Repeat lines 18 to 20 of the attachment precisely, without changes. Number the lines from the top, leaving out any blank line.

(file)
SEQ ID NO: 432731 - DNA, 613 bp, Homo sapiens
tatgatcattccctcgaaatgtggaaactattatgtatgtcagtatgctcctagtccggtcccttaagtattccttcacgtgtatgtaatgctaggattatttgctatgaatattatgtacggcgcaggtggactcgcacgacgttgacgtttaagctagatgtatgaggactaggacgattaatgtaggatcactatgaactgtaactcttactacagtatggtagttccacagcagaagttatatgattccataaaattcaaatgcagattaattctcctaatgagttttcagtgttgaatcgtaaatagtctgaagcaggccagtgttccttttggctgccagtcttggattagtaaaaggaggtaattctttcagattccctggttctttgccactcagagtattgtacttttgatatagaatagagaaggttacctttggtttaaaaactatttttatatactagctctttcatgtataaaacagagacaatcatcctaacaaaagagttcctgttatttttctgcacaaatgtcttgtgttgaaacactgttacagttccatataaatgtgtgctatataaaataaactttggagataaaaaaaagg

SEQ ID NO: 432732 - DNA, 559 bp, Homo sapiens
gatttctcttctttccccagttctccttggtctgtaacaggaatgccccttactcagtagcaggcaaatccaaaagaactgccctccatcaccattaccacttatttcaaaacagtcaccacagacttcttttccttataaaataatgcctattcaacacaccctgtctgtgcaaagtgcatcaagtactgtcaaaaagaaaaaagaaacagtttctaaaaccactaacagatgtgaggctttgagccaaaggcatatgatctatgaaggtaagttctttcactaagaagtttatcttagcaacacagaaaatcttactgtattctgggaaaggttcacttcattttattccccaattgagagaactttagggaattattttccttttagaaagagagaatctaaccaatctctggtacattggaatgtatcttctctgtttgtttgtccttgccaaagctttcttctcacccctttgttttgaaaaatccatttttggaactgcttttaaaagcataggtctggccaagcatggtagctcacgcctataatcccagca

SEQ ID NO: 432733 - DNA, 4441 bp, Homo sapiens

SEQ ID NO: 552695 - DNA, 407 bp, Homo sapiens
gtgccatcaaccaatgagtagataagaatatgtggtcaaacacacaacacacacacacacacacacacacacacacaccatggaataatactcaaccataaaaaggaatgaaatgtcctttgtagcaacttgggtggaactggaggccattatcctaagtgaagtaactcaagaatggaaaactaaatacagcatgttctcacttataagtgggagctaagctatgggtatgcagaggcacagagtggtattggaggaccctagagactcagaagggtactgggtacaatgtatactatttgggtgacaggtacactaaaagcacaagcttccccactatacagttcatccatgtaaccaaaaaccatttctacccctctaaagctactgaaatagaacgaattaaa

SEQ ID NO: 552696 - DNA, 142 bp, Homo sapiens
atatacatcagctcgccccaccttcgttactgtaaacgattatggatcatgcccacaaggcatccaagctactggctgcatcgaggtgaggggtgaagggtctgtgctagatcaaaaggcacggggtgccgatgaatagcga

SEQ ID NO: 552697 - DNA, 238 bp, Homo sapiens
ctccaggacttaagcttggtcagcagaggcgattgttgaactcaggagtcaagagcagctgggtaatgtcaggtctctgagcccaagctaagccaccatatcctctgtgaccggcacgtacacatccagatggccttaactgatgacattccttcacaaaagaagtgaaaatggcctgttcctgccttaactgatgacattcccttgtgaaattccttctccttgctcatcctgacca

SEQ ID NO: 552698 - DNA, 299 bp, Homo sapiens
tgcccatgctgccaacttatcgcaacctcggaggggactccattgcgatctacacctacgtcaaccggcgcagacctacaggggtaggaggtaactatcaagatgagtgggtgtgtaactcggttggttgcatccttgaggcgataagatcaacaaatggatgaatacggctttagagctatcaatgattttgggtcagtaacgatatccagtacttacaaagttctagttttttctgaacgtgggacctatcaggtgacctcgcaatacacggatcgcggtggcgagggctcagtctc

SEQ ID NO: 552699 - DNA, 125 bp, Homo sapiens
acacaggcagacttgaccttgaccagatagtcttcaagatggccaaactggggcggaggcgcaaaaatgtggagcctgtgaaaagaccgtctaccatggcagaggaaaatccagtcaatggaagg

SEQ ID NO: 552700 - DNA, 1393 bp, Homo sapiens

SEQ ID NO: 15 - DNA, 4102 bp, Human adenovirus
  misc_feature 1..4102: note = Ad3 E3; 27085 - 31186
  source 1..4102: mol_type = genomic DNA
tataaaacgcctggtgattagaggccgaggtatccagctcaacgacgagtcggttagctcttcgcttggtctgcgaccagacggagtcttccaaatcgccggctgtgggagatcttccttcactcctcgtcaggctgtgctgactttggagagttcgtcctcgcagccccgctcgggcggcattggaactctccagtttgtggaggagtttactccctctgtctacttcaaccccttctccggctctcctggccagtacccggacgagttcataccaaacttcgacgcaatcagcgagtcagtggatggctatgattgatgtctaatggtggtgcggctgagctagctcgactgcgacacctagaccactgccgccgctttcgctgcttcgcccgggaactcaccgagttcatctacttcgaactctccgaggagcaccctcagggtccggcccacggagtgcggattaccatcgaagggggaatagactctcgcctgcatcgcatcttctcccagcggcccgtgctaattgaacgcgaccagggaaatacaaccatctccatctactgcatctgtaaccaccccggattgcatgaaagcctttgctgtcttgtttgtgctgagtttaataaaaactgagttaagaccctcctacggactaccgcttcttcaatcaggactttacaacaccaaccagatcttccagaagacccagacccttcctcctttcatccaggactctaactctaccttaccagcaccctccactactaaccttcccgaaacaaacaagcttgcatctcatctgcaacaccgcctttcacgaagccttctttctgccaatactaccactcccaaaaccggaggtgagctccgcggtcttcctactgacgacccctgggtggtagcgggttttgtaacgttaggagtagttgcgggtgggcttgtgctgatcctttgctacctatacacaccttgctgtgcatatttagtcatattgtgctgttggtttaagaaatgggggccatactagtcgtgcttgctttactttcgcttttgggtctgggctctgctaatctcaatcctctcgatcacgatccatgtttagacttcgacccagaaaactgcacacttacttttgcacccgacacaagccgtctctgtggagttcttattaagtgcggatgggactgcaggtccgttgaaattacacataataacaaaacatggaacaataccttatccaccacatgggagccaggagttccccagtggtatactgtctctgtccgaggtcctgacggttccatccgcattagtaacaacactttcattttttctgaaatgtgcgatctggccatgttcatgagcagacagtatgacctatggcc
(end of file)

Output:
  misc_feature 1..4102: note = Ad3 E3; 27085 - 31186
  source 1..4102: mol_type = genomic DNA
tataaaacgcctggtgattagaggccgaggtatccagctcaacgacgagtcggttagctcttcgcttggtctgcgaccagacggagtcttccaaatcgccggctgtgggagatcttccttcactcctcgtcaggctgtgctgactttggagagttcgtcctcgcagccccgctcgggcggcattggaactctccagtttgtggaggagtttactccctctgtctacttcaaccccttctccggctctcctggccagtacccggacgagttcataccaaacttcgacgcaatcagcgagtcagtggatggctatgattgatgtctaatggtggtgcggctgagctagctcgactgcgacacctagaccactgccgccgctttcgctgcttcgcccgggaactcaccgagttcatctacttcgaactctccgaggagcaccctcagggtccggcccacggagtgcggattaccatcgaagggggaatagactctcgcctgcatcgcatcttctcccagcggcccgtgctaattgaacgcgaccagggaaatacaaccatctccatctactgcatctgtaaccaccccggattgcatgaaagcctttgctgtcttgtttgtgctgagtttaataaaaactgagttaagaccctcctacggactaccgcttcttcaatcaggactttacaacaccaaccagatcttccagaagacccagacccttcctcctttcatccaggactctaactctaccttaccagcaccctccactactaaccttcccgaaacaaacaagcttgcatctcatctgcaacaccgcctttcacgaagccttctttctgccaatactaccactcccaaaaccggaggtgagctccgcggtcttcctactgacgacccctgggtggtagcgggttttgtaacgttaggagtagttgcgggtgggcttgtgctgatcctttgctacctatacacaccttgctgtgcatatttagtcatattgtgctgttggtttaagaaatgggggccatactagtcgtgcttgctttactttcgcttttgggtctgggctctgctaatctcaatcctctcgatcacgatccatgtttagacttcgacccagaaaactgcacacttacttttgcacccgacacaagccgtctctgtggagttcttattaagtgcggatgggactgcaggtccgttgaaattacacataataacaaaacatggaacaataccttatccaccacatgggagccaggagttccccagtggtatactgtctctgtccgaggtcctgacggttccatccgcattagtaacaacactttcattttttctgaaatgtgcgatctggccatgttcatgagcagacagtatgacctatggcc